Why Is Easter So Late This Year?

3 minute read

If you judge based on the calendar most people use these days, Easter sometimes happens earlier or later than usual. Easter in 2019 falls on April 21, which is on the later side.

But, according to the religious calendar by which its date is determined, it always happens just on time. That difference is the product of centuries of evolution of the church calendar.

Easter, the day on which Christians commemorate the resurrection of Jesus Christ, is a “moveable feast,” meaning it takes place on different days on the calendar. Same goes for the holidays preceding it, like Ash Wednesday, Palm Sunday and Good Friday.

It’s been that way since the early Christian Church at the Council of Nicaea in 325 A.D. established that Easter’s date would be the first Sunday after the first full Moon that takes place on or after March 21, the first day of spring, a date designated in that same decree. But because the lunar calendar isn’t in sync with the Gregorian calendar — introduced by Pope Gregory in 1582 — the date of that full moon varies, and so, Easter’s date varies too, falling on any Sunday between March 22 and April 25.

One thing that has remained consistent is that the Eastern Orthodox church always celebrates Easter after Roman Catholics and Protestants do, because it follows the solar Julian calendar, which is 13 days ahead (and named after Julius Caesar, who adopted it in 45 BC).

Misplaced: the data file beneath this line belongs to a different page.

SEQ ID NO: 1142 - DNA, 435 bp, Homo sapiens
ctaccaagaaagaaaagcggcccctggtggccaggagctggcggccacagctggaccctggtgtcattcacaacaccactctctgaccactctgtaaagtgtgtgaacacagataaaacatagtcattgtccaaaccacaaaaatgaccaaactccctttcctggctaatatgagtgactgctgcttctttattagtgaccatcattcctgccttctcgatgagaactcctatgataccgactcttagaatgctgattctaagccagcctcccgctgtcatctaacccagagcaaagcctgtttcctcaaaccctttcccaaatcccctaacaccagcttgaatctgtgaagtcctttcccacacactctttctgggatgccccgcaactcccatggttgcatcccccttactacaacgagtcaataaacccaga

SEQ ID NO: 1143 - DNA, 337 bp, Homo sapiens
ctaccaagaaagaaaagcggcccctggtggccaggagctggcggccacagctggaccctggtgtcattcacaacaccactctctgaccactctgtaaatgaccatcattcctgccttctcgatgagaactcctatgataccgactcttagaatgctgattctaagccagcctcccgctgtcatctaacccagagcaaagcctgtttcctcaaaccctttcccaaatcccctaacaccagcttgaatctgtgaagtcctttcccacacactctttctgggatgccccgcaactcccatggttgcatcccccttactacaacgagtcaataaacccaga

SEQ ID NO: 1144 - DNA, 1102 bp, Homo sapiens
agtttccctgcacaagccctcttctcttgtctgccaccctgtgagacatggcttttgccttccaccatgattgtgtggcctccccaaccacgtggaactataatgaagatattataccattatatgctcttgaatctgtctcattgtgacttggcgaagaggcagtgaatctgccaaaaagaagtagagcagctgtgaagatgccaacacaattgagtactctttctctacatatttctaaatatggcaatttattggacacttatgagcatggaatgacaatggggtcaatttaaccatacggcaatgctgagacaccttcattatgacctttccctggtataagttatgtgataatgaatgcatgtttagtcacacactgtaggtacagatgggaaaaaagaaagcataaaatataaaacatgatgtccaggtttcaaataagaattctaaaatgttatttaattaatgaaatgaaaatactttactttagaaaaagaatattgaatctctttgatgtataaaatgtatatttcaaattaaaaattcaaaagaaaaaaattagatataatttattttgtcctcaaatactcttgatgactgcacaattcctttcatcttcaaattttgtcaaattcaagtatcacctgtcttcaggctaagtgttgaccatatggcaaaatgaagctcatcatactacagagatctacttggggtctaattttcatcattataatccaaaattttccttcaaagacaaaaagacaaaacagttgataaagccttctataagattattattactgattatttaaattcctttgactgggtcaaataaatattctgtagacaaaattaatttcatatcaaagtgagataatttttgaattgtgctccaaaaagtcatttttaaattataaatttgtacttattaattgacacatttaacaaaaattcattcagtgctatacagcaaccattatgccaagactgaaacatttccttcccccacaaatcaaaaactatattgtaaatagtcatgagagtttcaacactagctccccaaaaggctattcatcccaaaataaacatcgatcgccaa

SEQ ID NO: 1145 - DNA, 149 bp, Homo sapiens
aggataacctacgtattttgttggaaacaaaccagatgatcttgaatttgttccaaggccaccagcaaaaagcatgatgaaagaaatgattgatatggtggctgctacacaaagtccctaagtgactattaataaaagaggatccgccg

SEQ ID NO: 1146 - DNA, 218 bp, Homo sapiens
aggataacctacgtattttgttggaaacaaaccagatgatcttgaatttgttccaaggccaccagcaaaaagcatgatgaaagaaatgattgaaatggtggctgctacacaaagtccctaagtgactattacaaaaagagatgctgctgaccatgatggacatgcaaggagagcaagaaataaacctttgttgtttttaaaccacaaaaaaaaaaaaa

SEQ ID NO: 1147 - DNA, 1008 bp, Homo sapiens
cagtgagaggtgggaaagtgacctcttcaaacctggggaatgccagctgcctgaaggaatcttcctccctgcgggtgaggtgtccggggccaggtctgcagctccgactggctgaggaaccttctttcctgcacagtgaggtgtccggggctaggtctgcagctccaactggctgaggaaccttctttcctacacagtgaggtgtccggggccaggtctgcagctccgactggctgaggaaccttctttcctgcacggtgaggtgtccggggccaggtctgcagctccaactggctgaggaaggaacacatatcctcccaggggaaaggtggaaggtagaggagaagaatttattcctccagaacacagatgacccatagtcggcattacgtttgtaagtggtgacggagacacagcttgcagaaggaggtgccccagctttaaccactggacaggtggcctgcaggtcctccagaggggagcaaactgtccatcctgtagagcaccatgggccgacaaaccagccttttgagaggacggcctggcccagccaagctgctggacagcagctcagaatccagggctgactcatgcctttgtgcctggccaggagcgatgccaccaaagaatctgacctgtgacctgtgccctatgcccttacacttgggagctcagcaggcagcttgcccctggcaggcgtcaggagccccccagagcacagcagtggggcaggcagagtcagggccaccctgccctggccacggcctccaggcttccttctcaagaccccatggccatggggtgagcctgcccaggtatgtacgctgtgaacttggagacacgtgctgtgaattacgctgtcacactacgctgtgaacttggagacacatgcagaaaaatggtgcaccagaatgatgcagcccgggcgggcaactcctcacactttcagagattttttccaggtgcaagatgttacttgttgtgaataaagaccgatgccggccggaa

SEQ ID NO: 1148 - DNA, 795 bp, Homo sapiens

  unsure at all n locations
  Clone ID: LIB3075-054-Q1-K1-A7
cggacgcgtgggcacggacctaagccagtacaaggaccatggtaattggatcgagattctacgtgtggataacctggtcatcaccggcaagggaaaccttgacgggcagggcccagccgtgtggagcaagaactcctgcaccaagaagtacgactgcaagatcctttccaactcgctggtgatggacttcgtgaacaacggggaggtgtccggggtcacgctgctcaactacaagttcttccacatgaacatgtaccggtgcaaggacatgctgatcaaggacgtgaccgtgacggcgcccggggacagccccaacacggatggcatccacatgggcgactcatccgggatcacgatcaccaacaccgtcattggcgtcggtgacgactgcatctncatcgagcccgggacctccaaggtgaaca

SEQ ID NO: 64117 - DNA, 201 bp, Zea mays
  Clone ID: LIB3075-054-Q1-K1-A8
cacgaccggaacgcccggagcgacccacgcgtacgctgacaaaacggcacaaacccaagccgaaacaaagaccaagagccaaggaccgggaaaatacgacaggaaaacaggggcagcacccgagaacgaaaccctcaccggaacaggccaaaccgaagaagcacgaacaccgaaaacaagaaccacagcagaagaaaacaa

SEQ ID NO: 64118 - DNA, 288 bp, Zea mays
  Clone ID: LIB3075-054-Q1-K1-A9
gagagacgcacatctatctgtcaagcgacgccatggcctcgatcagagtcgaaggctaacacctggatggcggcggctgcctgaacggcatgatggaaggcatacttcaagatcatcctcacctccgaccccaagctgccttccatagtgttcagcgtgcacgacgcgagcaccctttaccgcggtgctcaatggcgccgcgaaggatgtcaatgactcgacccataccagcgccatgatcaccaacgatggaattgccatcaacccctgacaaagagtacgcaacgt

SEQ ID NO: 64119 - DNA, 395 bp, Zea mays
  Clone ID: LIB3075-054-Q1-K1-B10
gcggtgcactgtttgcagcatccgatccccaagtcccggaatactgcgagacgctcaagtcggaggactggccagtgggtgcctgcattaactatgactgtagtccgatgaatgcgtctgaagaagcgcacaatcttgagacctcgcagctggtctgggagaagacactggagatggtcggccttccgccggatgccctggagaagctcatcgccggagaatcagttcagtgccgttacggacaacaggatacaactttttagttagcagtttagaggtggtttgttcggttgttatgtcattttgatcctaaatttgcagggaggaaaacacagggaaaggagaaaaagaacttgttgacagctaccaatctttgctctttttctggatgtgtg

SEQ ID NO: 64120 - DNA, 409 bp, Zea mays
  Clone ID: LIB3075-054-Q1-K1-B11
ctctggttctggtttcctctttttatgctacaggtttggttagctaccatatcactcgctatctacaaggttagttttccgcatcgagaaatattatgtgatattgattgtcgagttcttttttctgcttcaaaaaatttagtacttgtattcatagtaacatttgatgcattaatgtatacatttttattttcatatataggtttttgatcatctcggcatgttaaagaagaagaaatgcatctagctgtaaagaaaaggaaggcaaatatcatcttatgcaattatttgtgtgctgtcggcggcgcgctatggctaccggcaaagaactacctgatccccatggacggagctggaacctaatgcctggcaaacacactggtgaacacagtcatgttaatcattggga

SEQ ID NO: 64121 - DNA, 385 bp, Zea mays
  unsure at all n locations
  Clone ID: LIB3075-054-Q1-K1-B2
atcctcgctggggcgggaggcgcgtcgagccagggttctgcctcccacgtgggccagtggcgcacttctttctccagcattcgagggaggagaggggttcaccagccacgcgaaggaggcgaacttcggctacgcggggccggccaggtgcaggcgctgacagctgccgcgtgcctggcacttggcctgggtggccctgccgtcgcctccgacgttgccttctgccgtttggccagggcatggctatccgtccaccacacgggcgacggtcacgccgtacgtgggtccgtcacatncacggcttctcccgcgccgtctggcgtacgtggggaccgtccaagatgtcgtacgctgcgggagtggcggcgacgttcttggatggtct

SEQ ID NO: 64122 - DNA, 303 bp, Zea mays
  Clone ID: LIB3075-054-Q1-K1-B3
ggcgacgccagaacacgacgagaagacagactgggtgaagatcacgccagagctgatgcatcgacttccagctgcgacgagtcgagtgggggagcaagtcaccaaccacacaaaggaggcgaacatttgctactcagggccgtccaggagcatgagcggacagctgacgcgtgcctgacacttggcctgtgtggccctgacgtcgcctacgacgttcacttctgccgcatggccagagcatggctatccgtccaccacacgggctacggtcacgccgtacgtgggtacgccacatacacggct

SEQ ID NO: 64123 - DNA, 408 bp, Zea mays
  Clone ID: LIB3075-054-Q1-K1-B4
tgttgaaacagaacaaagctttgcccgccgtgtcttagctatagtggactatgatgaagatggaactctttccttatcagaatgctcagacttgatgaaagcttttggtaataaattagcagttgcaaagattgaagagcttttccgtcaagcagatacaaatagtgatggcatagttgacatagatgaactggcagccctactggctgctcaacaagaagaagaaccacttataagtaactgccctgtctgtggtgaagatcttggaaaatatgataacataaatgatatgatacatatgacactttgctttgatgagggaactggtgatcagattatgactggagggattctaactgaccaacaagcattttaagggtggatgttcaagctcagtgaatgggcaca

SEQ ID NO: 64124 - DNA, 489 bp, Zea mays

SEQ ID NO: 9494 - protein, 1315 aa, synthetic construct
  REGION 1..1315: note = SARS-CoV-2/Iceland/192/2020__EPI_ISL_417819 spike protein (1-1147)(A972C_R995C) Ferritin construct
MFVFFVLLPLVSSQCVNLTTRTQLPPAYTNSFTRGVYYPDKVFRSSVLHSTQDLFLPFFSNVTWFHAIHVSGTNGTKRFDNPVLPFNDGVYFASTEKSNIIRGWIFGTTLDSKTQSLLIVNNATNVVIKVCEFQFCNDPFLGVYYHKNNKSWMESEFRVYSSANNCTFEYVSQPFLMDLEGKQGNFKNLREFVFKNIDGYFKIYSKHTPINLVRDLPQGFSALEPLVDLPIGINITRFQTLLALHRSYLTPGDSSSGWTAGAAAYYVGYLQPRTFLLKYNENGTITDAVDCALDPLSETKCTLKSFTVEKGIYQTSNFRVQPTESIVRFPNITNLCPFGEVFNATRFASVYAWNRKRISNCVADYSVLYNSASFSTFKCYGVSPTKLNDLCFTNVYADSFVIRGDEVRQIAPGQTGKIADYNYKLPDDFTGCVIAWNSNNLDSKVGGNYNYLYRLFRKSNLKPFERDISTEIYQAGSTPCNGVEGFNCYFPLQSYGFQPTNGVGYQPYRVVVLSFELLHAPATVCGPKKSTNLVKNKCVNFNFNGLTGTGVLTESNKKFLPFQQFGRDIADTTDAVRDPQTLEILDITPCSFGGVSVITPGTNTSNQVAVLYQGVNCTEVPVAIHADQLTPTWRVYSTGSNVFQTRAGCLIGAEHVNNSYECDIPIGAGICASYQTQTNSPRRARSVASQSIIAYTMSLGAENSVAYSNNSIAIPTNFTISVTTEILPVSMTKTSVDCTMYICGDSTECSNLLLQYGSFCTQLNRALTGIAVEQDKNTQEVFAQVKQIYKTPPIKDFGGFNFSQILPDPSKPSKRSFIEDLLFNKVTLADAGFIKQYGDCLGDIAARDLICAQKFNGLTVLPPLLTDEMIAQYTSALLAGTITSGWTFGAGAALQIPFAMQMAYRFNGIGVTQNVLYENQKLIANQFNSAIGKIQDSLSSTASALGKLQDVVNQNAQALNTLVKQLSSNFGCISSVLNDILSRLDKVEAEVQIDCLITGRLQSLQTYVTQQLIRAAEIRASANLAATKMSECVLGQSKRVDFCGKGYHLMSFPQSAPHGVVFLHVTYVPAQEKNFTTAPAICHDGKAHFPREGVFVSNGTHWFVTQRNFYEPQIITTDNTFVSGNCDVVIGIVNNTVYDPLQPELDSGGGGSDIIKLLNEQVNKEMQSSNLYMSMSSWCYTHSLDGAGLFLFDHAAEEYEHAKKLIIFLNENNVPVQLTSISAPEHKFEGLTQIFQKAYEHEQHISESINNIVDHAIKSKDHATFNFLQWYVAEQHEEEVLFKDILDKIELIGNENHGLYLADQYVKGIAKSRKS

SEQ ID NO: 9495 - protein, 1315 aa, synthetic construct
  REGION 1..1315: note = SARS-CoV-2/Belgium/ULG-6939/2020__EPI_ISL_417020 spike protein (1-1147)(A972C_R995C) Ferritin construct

At one point in the 1920s, the three churches considered agreeing to a fixed date for Easter. Businesses jumped on board immediately because that would make it easier for them to plan their sales.

TIME described how the moveable feast impacts their industry in the Feb. 1, 1926, issue:

This inconstancy of Eastertide has irritated money-grubbing merchants, who long have surreptitiously, indirectly exported the spirited, springtime surge of joy, light and purity felt by celebrants. People have stepped from decorating their altars to decking their bodies, until the Easter Sunday “parade” of fashionables and fops gets more notice in the lay press than does the sanctity of the holiday. This display of clothes and flowers and jewels and carriages, wily merchandisers have gloated over. None the less they have peered with squinted eye at the fluctuating date of the festival, even as they touted a robe as “hot from N’ York, lady,” or “new from Paris, madame.”

Last week the Manhattan Merchants’ Association stepped into the clear; advocated a constant Easter; stated in a bulletin that the second Sunday in April “will be” the date it believes will be adopted; said further: “A late Easter often proves disastrous to sellers of many lines of merchandise because it shortens the spring season, thereby reducing the volume of business, while the lengthened winter season is of little benefit. With the adoption of a fixed date, all such difficulties will disappear.

Though that attempt didn’t take, discussions over whether to establish a fixed date for Easter have continued.

In 2015, Pope Francis said he was open to the idea of establishing a fixed date for Easter, and in 2016, the Archbishop of Canterbury Justin Welby said the churches were considering the second or third Sunday of April at some point in the next “five to 10 years.”

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Write to Olivia B. Waxman at olivia.waxman@time.com